Imaginaries of migration: expectations and places
Walter Leimgruber (Universit├Ąt Basel)
Klaus Schriewer (Universidad de Murcia)
Start time:
23 June, 2015 at 10:30
Session slots:

Short abstract:

This panel invites papers discussing the interplay between imaginaries, expectations and actions of different agents involved in migration processes. Papers may address perspectives from (prospective) migrants, residents of receiving locations, the left behind, policy makers, and institutions.

Long abstract:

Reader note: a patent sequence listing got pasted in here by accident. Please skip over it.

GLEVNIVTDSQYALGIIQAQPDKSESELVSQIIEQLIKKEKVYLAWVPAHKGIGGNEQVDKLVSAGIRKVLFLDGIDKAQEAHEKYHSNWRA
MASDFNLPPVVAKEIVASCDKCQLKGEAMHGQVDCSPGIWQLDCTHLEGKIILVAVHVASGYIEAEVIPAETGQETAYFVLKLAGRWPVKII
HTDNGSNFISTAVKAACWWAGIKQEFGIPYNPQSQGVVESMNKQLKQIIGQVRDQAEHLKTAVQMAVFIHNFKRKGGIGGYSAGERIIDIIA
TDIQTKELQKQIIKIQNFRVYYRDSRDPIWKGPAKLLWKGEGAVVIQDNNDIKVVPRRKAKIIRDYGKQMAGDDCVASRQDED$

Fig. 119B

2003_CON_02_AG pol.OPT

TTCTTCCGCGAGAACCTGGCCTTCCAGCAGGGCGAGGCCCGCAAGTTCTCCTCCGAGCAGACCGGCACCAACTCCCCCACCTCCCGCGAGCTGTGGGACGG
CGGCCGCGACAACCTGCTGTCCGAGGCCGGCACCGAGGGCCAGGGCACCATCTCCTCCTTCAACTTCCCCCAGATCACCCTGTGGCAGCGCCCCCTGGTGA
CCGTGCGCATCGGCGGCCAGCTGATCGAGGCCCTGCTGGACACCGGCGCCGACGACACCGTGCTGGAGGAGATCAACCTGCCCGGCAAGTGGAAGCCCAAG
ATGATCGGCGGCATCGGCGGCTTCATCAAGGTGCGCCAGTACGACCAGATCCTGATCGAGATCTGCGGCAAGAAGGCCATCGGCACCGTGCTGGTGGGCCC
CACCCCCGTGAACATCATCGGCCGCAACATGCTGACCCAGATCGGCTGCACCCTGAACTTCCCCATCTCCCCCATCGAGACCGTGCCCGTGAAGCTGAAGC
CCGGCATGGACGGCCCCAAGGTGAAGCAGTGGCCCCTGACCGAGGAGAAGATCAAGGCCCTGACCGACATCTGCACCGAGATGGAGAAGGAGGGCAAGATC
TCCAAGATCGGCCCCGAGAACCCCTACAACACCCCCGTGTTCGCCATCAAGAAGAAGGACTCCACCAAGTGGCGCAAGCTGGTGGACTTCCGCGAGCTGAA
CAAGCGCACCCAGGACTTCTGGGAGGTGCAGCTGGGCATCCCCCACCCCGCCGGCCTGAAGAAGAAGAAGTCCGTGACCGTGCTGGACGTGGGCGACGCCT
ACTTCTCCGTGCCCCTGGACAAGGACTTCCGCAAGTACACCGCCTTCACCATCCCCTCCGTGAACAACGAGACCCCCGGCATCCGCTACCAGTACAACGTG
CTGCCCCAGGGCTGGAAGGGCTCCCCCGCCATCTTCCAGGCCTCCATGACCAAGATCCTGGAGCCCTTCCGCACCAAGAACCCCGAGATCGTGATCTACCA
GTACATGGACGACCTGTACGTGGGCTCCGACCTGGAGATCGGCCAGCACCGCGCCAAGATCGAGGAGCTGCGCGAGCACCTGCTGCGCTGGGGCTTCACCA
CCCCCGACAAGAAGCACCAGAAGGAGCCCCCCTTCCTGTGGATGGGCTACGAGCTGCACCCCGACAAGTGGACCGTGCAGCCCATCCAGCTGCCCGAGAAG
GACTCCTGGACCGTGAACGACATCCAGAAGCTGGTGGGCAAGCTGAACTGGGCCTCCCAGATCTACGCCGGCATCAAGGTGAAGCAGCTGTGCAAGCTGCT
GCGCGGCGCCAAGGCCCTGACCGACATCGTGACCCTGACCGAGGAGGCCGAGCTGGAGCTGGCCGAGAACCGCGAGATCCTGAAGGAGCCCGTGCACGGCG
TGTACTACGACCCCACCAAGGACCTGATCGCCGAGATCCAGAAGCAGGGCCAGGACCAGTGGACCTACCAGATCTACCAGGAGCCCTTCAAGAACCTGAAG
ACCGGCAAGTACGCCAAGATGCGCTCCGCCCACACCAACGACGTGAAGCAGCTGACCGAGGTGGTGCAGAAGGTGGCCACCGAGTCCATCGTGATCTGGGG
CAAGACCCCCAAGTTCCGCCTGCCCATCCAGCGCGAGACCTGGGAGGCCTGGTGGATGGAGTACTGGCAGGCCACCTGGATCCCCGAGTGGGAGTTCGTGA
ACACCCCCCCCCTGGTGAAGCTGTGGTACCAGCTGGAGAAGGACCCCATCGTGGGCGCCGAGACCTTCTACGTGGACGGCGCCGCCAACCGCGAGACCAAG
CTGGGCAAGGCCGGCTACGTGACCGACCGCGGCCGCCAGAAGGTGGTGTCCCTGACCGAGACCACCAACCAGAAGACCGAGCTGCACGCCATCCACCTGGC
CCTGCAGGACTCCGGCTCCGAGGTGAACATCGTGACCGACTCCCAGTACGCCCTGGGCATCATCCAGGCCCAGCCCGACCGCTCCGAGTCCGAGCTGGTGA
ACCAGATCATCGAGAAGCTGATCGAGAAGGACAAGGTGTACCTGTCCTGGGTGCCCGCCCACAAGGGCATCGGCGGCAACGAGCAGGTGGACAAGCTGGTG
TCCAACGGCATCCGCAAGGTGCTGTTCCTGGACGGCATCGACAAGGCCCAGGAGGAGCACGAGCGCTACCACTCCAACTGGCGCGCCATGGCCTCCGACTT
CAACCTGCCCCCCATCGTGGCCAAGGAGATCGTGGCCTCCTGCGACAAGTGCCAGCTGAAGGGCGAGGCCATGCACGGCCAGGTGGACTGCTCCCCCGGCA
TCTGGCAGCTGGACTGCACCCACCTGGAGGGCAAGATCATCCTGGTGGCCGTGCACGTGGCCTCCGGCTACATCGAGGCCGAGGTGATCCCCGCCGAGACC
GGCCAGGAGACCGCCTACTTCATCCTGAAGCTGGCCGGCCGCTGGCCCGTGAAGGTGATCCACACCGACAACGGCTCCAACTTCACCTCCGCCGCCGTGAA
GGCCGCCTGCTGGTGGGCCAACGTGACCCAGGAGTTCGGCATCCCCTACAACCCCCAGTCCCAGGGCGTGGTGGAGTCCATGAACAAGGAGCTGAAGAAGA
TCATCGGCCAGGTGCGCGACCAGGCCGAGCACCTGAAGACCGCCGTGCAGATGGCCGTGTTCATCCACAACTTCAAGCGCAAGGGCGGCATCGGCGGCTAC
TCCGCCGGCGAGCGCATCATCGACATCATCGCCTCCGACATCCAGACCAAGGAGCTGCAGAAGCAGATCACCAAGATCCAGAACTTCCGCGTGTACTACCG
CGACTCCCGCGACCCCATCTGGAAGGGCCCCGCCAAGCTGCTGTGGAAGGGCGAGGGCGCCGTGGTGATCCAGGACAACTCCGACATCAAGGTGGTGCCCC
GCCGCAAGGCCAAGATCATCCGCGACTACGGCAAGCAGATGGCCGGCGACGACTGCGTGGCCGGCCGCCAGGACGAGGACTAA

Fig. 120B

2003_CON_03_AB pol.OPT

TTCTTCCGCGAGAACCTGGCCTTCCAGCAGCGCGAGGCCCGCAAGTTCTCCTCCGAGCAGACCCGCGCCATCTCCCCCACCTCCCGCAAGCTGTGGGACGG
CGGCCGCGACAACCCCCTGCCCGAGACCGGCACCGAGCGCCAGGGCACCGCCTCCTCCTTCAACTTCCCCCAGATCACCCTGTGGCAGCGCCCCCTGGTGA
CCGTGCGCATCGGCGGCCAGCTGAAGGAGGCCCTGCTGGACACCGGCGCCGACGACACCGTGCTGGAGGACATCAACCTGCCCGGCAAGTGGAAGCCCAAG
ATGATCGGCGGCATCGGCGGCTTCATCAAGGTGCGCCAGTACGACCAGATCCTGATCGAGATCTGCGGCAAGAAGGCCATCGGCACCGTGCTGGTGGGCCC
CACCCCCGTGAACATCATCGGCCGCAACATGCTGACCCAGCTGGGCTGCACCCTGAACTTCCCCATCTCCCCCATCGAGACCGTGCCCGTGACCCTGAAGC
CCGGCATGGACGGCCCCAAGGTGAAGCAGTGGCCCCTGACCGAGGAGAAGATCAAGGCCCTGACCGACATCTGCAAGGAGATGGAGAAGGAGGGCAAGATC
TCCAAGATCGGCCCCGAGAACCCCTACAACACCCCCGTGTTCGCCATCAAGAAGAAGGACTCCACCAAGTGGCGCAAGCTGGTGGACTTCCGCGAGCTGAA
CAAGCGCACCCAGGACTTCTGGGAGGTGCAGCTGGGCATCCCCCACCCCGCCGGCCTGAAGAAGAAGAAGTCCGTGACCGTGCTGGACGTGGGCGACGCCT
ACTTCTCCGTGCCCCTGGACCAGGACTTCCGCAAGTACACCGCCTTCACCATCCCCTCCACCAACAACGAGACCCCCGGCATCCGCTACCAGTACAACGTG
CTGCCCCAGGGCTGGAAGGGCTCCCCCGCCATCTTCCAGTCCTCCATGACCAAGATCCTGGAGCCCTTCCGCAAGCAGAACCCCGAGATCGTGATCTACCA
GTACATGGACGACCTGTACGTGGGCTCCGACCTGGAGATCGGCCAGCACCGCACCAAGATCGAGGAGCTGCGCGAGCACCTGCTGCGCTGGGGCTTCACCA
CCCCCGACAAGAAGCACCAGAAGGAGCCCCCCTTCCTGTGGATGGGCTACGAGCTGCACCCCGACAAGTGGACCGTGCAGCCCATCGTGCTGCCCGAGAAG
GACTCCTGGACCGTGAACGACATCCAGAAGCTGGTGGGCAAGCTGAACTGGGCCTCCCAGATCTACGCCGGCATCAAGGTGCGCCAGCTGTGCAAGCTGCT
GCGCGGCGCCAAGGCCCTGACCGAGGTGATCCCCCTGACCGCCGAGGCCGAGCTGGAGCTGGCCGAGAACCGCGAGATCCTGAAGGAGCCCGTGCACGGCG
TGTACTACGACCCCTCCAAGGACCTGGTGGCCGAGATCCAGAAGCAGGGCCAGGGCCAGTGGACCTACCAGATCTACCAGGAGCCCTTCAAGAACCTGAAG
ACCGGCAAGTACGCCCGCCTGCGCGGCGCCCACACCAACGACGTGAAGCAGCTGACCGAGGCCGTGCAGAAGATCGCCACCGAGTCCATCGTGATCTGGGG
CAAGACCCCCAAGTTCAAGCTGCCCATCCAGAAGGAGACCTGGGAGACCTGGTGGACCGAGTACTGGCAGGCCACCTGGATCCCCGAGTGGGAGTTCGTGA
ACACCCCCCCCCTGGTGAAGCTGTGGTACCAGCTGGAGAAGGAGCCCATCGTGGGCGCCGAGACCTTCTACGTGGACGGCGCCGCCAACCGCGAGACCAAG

This panel invites papers discussing expectations and visions of futures and places of various agents involved in or impacted by migration flows, and analyzing how these agents act on their imaginaries. Moving to another location may be envisioned with transformative opportunities, but can also be seen as a risk or sacrifice. Personal imaginaries interact with external constraints and opportunities and motivate decisions about (im)mobility. For those living abroad, visions of the future have a bearing on their daily activities and on the efforts exerted to engage in other locations, either home country or elsewhere. Besides would-be migrants and actual migrants, other agents like political or economic entities strive to define and impose their own visions of the future, which might come in conflict with one another and are in constant negotiation. We do not restrict migration processes to international movements of people, but also include other forms of mobility such as internal migration, transnational networks or technology-mediated collaborations. Questions addressed by this panel include: 1. How do different actors envision migration, and what do they expect from it? 2. How do they act on these imaginaries? What is the relation between imaginaries and actions? 3. How do countries as well as cities intentionally produce imagery and images, often called "branding", to appeal to highly skilled migrants? 4. How does the use of technologies frame and influence imaginaries and actions related to migration? 5. What is the role of social sciences in framing imaginaries of migration?